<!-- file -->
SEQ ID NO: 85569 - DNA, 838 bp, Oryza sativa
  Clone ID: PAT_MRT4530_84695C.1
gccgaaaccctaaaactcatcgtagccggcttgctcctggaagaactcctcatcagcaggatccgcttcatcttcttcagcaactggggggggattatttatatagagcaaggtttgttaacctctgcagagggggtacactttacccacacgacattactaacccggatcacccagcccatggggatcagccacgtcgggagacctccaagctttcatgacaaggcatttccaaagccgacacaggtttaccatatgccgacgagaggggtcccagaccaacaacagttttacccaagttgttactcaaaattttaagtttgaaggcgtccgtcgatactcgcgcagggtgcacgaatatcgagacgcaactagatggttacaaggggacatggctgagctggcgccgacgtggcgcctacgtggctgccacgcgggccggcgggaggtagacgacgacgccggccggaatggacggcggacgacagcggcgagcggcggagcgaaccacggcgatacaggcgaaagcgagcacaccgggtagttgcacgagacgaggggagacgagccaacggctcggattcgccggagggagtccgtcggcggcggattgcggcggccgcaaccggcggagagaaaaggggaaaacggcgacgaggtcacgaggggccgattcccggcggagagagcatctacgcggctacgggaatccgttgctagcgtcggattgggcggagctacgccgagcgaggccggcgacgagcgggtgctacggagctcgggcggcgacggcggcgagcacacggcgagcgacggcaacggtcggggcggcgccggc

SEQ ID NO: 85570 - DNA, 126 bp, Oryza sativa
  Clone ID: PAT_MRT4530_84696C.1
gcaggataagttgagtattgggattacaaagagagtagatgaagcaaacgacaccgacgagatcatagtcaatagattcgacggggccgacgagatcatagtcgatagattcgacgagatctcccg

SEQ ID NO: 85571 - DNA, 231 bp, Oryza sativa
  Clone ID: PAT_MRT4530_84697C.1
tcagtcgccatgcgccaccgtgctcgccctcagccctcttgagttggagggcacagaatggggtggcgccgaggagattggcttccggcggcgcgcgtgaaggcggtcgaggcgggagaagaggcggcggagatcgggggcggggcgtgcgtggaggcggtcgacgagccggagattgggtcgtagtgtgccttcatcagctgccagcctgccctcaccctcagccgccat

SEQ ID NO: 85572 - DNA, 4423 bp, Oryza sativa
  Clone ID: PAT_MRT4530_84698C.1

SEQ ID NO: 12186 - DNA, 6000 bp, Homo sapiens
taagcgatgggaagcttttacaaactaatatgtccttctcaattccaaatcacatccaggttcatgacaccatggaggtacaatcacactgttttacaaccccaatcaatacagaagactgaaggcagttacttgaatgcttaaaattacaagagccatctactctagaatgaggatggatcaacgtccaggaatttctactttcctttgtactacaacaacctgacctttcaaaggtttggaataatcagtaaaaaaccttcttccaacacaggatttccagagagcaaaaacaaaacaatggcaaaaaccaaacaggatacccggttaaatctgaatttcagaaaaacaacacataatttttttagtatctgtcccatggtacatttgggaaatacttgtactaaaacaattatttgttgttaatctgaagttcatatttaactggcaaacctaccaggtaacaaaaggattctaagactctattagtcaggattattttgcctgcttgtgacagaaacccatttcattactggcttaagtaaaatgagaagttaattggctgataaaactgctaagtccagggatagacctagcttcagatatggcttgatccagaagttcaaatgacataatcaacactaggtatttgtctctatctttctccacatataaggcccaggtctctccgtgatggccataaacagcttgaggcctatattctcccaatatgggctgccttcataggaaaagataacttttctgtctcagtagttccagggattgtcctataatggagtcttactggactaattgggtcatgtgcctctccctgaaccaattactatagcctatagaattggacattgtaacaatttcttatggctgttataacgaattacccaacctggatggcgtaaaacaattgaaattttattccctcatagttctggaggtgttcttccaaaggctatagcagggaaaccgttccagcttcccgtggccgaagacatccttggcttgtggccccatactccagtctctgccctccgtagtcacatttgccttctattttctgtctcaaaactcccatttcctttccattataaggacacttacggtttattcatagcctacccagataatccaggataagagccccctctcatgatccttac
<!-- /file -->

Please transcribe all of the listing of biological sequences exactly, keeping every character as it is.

SEQ ID NO: 85569 - DNA, 838 bp, Oryza sativa
  Clone ID: PAT_MRT4530_84695C.1
gccgaaaccctaaaactcatcgtagccggcttgctcctggaagaactcctcatcagcaggatccgcttcatcttcttcagcaactggggggggattatttatatagagcaaggtttgttaacctctgcagagggggtacactttacccacacgacattactaacccggatcacccagcccatggggatcagccacgtcgggagacctccaagctttcatgacaaggcatttccaaagccgacacaggtttaccatatgccgacgagaggggtcccagaccaacaacagttttacccaagttgttactcaaaattttaagtttgaaggcgtccgtcgatactcgcgcagggtgcacgaatatcgagacgcaactagatggttacaaggggacatggctgagctggcgccgacgtggcgcctacgtggctgccacgcgggccggcgggaggtagacgacgacgccggccggaatggacggcggacgacagcggcgagcggcggagcgaaccacggcgatacaggcgaaagcgagcacaccgggtagttgcacgagacgaggggagacgagccaacggctcggattcgccggagggagtccgtcggcggcggattgcggcggccgcaaccggcggagagaaaaggggaaaacggcgacgaggtcacgaggggccgattcccggcggagagagcatctacgcggctacgggaatccgttgctagcgtcggattgggcggagctacgccgagcgaggccggcgacgagcgggtgctacggagctcgggcggcgacggcggcgagcacacggcgagcgacggcaacggtcggggcggcgccggc

SEQ ID NO: 85570 - DNA, 126 bp, Oryza sativa
  Clone ID: PAT_MRT4530_84696C.1
gcaggataagttgagtattgggattacaaagagagtagatgaagcaaacgacaccgacgagatcatagtcaatagattcgacggggccgacgagatcatagtcgatagattcgacgagatctcccg

SEQ ID NO: 85571 - DNA, 231 bp, Oryza sativa
  Clone ID: PAT_MRT4530_84697C.1
tcagtcgccatgcgccaccgtgctcgccctcagccctcttgagttggagggcacagaatggggtggcgccgaggagattggcttccggcggcgcgcgtgaaggcggtcgaggcgggagaagaggcggcggagatcgggggcggggcgtgcgtggaggcggtcgacgagccggagattgggtcgtagtgtgccttcatcagctgccagcctgccctcaccctcagccgccat

SEQ ID NO: 85572 - DNA, 4423 bp, Oryza sativa
  Clone ID: PAT_MRT4530_84698C.1

SEQ ID NO: 12186 - DNA, 6000 bp, Homo sapiens
taagcgatgggaagcttttacaaactaatatgtccttctcaattccaaatcacatccaggttcatgacaccatggaggtacaatcacactgttttacaaccccaatcaatacagaagactgaaggcagttacttgaatgcttaaaattacaagagccatctactctagaatgaggatggatcaacgtccaggaatttctactttcctttgtactacaacaacctgacctttcaaaggtttggaataatcagtaaaaaaccttcttccaacacaggatttccagagagcaaaaacaaaacaatggcaaaaaccaaacaggatacccggttaaatctgaatttcagaaaaacaacacataatttttttagtatctgtcccatggtacatttgggaaatacttgtactaaaacaattatttgttgttaatctgaagttcatatttaactggcaaacctaccaggtaacaaaaggattctaagactctattagtcaggattattttgcctgcttgtgacagaaacccatttcattactggcttaagtaaaatgagaagttaattggctgataaaactgctaagtccagggatagacctagcttcagatatggcttgatccagaagttcaaatgacataatcaacactaggtatttgtctctatctttctccacatataaggcccaggtctctccgtgatggccataaacagcttgaggcctatattctcccaatatgggctgccttcataggaaaagataacttttctgtctcagtagttccagggattgtcctataatggagtcttactggactaattgggtcatgtgcctctccctgaaccaattactatagcctatagaattggacattgtaacaatttcttatggctgttataacgaattacccaacctggatggcgtaaaacaattgaaattttattccctcatagttctggaggtgttcttccaaaggctatagcagggaaaccgttccagcttcccgtggccgaagacatccttggcttgtggccccatactccagtctctgccctccgtagtcacatttgccttctattttctgtctcaaaactcccatttcctttccattataaggacacttacggtttattcatagcctacccagataatccaggataagagccccctctcatgatccttac